Associate Professor and Head of the Community Fellows Program, MIT Department of Urban Studies and Planning (DUSP)
In April of 1968, MIT cancels classes to join the nation in mourning the assassination of Dr. Martin Luther King.
MIT begins its annual commemoration of Dr. Martin Luther King, Jr. in 1975, seven years after his assassination. A year later, Martin Luther King Day becomes a designated Institute holiday, in 1976, a decade before its first official observance as a federal holiday.
MLK Observance exhibit at the Student Center, late 1960s. Courtesy MIT Museum
Recalling MLK’s Time in Cambridge
"Recalling MLK’s Time in Cambridge," Slice of MIT, 22 January 2019 By Jay London
While [Martin Luther King, Jr.] never made a public appearance at MIT, he was a common visitor to Cambridge from the 1950s—when he was a doctoral student at Boston University—until the mid-1960s.
According to a January 2013 article in the Harvard Gazette, King took philosophy courses at Harvard in 1952 and 1953 and he was a guest preacher at Harvard’s Memorial Church in 1959 and 1960. He delivered a lecture titled “The Future of Integration” at Harvard Law School in 1962 and spoke at Memorial Church and Cambridge Rindge and Latin School on the same day in January 1965.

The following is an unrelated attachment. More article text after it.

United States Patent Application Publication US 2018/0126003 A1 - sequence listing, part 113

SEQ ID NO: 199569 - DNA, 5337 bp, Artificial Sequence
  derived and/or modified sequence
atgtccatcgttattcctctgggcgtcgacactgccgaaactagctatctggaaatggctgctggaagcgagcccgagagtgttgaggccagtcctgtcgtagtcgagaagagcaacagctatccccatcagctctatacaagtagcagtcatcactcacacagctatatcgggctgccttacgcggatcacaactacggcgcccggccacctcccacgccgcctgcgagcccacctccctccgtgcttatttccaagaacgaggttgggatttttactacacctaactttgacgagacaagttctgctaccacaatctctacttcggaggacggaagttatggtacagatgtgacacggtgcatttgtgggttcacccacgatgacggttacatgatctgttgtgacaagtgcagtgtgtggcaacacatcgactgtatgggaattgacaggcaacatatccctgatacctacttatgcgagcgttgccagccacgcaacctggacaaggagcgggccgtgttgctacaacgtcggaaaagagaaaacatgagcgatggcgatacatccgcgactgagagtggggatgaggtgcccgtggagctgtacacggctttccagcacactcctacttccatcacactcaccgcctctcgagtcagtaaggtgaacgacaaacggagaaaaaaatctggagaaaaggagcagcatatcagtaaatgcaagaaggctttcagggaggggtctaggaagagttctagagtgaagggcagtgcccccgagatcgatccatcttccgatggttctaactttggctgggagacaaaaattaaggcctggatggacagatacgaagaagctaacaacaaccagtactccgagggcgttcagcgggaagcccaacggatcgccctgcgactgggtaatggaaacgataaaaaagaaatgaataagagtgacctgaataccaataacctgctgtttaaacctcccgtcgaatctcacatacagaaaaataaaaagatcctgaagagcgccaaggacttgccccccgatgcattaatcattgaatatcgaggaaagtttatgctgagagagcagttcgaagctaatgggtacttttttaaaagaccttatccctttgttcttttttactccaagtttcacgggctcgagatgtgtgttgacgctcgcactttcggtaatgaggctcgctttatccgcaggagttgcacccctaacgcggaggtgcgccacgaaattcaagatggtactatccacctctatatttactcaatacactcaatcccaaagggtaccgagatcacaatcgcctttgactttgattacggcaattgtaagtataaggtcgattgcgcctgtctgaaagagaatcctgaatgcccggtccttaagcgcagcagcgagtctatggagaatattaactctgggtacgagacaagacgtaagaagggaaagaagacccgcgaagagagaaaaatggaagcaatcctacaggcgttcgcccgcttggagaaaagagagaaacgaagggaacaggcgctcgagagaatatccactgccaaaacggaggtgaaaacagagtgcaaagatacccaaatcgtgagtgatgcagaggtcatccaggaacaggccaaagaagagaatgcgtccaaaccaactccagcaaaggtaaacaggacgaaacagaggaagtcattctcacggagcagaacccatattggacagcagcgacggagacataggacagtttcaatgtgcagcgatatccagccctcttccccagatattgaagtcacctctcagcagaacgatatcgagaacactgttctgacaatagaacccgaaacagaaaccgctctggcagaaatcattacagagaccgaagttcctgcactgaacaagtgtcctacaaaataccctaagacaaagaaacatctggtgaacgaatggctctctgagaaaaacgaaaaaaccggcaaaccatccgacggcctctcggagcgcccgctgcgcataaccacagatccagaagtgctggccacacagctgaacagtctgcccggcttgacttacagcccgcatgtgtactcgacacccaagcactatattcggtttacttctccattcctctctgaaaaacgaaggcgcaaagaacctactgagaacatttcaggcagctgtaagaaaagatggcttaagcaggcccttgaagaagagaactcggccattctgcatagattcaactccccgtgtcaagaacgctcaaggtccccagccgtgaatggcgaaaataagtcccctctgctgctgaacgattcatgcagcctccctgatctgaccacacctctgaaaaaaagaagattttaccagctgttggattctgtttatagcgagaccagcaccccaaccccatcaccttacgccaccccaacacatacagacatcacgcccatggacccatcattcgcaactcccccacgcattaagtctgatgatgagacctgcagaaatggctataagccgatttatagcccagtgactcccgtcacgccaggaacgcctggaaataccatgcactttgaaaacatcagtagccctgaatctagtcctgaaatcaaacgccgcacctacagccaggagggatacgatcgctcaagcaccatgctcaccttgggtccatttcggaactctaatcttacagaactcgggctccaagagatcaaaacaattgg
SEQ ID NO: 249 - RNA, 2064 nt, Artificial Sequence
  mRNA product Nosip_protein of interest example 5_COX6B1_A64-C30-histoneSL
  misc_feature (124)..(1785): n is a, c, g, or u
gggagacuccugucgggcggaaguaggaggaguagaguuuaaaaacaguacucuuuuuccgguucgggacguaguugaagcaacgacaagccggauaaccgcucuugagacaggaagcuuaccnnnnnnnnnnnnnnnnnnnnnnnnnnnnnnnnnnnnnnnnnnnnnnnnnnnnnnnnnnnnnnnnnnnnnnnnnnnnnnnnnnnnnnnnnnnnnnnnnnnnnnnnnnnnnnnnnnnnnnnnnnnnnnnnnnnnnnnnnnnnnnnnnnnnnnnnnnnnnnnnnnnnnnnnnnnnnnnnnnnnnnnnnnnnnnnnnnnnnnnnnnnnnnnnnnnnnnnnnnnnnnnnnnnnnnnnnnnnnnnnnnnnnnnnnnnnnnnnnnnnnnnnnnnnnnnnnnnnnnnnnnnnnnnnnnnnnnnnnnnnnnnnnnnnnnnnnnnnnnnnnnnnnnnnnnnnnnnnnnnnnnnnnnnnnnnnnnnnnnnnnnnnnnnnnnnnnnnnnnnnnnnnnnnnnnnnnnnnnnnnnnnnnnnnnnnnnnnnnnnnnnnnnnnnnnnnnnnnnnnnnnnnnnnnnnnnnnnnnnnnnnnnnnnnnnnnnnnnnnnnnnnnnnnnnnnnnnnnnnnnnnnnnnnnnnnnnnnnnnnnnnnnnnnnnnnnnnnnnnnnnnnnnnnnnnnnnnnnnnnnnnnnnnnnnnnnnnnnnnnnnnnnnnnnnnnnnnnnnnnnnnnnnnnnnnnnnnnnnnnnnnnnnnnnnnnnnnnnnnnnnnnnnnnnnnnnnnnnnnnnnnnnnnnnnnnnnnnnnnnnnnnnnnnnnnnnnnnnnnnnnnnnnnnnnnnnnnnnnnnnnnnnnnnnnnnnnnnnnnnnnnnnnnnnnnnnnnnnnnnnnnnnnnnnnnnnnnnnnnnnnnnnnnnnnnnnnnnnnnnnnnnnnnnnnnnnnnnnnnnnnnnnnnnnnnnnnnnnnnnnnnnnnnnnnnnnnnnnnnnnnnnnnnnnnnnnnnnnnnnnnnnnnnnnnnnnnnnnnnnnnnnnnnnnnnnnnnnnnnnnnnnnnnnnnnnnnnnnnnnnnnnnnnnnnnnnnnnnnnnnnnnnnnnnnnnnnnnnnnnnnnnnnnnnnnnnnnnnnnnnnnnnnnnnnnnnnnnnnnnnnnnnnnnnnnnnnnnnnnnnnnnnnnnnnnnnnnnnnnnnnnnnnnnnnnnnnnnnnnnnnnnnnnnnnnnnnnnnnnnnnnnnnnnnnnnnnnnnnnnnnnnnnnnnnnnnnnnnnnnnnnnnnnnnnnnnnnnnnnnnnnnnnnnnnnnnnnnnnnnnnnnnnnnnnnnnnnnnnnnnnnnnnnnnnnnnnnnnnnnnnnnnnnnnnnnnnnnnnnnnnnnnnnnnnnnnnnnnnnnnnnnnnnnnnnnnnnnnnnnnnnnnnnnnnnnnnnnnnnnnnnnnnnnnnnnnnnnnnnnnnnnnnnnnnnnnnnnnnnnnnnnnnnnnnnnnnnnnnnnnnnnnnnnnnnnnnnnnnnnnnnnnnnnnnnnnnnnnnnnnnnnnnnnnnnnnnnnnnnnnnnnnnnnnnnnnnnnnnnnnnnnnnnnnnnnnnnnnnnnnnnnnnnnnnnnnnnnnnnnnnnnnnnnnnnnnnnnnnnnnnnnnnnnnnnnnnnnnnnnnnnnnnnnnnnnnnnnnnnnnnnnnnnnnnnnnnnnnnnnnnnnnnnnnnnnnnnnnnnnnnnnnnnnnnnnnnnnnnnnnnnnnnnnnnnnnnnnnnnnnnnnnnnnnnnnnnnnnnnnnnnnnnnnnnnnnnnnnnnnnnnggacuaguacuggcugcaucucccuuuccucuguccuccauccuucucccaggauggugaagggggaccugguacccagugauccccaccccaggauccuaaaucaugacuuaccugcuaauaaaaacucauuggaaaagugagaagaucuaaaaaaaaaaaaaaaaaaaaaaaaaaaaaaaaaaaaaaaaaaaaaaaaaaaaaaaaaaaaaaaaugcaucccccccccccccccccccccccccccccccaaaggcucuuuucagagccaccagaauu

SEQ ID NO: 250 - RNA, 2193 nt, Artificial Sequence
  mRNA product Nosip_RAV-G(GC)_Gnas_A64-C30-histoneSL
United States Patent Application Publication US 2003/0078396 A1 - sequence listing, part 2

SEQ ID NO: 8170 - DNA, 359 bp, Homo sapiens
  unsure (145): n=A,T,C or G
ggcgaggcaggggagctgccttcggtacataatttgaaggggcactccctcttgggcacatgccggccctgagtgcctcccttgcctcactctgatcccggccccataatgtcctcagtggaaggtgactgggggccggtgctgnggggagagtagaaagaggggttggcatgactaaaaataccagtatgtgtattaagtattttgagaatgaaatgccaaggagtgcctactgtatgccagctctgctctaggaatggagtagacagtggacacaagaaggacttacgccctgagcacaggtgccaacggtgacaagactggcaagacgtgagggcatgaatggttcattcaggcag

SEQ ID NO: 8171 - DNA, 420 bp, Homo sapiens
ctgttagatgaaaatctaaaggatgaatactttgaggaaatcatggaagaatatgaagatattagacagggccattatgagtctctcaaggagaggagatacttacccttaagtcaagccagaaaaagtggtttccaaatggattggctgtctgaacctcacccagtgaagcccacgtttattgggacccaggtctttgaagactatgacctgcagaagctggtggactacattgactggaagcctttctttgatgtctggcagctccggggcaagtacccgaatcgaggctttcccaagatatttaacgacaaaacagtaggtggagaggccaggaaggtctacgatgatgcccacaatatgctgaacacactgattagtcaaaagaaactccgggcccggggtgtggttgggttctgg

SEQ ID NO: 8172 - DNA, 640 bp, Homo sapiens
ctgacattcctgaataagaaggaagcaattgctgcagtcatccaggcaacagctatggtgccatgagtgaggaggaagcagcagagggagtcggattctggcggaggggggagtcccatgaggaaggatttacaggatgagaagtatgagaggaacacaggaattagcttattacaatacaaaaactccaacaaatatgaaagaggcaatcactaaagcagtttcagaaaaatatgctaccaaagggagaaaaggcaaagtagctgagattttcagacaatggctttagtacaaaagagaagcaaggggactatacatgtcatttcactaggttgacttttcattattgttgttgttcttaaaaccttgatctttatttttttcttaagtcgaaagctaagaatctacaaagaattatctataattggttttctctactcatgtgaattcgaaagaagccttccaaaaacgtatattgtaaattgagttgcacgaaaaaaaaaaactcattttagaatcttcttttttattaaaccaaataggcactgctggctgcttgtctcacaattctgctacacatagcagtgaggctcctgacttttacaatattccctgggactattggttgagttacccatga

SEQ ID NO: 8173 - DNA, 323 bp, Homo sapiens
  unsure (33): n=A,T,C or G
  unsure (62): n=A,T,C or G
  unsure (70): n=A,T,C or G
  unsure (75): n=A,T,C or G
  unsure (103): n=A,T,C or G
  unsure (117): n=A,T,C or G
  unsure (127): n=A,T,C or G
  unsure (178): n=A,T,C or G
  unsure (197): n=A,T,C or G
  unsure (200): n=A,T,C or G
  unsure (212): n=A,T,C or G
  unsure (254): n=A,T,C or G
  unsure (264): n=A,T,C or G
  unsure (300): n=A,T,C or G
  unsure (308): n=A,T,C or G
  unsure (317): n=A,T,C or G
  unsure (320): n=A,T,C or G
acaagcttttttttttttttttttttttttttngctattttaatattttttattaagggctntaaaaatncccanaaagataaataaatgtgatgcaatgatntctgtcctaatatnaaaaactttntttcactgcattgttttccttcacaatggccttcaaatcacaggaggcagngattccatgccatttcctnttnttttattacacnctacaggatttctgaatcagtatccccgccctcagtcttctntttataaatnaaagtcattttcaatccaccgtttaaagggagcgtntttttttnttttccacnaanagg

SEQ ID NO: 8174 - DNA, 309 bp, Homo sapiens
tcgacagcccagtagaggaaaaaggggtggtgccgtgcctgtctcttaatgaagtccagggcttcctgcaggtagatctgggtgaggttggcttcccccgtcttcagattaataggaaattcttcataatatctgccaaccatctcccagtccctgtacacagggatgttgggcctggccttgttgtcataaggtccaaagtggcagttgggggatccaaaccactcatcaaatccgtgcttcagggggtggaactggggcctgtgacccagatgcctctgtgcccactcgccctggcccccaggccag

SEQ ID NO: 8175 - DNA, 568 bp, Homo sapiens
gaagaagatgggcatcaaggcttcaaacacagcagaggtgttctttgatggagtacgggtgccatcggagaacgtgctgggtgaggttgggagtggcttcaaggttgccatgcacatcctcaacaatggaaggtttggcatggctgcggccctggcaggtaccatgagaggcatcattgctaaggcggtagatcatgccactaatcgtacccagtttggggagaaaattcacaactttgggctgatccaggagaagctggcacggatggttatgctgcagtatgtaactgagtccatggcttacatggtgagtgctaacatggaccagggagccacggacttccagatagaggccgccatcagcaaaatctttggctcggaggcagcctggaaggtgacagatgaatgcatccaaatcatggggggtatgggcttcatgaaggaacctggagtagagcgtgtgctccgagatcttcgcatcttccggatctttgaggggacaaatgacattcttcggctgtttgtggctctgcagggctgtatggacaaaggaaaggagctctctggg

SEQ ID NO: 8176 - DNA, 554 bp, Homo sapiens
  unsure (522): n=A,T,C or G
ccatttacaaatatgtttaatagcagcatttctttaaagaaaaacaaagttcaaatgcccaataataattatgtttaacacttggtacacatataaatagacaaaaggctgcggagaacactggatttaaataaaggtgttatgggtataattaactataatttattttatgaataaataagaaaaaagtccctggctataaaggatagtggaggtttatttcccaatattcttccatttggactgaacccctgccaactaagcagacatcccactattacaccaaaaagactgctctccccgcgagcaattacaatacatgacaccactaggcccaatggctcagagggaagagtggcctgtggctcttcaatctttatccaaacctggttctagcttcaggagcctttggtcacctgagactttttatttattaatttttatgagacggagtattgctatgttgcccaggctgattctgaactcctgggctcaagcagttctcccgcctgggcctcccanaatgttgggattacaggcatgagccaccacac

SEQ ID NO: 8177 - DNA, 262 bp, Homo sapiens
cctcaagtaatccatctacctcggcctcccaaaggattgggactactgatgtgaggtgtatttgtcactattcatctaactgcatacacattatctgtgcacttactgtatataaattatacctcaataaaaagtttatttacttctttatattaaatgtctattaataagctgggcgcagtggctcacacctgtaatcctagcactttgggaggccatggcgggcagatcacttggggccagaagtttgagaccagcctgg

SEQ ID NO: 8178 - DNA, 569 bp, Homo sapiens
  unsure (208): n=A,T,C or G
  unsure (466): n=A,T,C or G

King’s name appears regularly in issues of The Tech in the 1960s, including:
A brief story on October 10, 1962, mentions a proposed debate between King and Malcolm X.
A March 12, 1965, article references the nearly 50 MIT faculty members who planned to take part in King-directed demonstrations in Selma and Montgomery, Alabama
A March 25, 1965, story discusses a telegram from King to then-Undergraduate Association President Bill Byrn ’66, SM ’68.
The archives at the King Center museum also include two letters to King from the MIT/Harvard Joint Center for Urban Studies that discuss the center’s Social Statistics in the City conference that took place in June 1967.
According to a video by MIT Productions, King’s death directly led to, among other endeavors, the formation of the MIT Black Students' Union and the creation of Interphase (now Interphase EDGE), a seven-week summer program that prepared incoming students for the rigors of MIT.